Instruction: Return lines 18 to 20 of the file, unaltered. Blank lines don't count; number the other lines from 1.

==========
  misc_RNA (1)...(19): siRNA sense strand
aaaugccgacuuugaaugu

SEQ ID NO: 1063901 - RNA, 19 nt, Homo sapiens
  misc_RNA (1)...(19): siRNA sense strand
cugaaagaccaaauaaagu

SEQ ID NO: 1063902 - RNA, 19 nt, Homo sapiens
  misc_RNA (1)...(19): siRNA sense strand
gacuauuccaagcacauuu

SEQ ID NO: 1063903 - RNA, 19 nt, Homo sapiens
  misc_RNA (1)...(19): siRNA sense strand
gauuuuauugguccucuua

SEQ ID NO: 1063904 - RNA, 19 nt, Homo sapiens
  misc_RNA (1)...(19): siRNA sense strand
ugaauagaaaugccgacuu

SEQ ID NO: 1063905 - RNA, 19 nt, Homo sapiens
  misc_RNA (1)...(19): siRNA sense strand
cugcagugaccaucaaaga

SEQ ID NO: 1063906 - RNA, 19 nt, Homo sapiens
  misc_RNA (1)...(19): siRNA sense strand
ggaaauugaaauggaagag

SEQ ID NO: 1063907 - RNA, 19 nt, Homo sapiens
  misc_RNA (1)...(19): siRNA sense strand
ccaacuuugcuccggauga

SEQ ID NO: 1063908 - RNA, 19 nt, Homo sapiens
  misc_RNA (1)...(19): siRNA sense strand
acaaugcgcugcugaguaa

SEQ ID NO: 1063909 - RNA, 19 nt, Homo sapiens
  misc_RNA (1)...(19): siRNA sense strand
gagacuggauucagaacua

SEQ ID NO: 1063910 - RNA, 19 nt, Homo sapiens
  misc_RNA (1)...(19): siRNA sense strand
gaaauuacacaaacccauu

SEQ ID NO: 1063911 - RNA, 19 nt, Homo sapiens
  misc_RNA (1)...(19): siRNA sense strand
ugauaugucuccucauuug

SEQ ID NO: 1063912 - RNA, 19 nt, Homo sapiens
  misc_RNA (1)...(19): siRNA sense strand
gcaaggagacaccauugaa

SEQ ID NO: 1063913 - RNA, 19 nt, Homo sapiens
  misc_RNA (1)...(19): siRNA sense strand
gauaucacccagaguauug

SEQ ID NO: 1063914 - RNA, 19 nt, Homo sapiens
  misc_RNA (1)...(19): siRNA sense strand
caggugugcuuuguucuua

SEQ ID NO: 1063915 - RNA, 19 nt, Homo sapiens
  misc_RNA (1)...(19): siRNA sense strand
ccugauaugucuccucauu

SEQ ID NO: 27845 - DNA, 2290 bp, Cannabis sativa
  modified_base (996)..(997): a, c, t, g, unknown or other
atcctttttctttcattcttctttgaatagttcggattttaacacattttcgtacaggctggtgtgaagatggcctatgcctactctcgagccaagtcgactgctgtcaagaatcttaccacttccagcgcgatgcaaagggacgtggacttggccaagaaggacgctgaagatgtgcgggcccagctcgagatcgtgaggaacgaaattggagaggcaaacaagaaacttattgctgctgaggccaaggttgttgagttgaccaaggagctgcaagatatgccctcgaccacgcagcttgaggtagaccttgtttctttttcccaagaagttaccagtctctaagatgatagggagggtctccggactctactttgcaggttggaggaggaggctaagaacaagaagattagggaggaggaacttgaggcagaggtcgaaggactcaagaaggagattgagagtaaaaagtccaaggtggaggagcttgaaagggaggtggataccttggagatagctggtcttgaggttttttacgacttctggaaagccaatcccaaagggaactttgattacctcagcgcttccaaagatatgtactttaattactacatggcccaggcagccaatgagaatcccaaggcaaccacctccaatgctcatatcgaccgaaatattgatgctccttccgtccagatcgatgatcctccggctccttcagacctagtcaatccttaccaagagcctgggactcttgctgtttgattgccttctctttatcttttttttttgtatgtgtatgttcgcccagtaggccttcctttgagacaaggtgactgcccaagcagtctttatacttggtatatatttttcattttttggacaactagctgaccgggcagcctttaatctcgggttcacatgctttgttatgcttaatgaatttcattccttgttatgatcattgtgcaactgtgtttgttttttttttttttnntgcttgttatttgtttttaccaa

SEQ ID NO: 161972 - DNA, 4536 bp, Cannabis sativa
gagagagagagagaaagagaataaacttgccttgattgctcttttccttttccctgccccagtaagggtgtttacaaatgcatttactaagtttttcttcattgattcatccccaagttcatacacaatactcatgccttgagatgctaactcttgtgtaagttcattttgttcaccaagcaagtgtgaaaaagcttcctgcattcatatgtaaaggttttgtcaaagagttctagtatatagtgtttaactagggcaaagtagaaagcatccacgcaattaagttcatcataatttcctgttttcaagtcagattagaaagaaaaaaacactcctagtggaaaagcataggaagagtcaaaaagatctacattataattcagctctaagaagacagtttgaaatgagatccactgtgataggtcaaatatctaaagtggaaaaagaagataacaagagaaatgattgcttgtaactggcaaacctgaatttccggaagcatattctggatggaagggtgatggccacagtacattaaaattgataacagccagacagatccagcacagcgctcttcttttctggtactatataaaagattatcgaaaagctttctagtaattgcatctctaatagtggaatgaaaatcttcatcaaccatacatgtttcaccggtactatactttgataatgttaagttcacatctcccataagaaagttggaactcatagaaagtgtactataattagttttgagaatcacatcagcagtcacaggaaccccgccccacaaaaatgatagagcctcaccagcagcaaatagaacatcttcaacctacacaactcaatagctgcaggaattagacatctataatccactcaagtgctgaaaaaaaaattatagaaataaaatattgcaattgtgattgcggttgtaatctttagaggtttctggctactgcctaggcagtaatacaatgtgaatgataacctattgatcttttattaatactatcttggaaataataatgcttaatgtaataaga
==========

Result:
SEQ ID NO: 1063906 - RNA, 19 nt, Homo sapiens
  misc_RNA (1)...(19): siRNA sense strand
ggaaauugaaauggaagag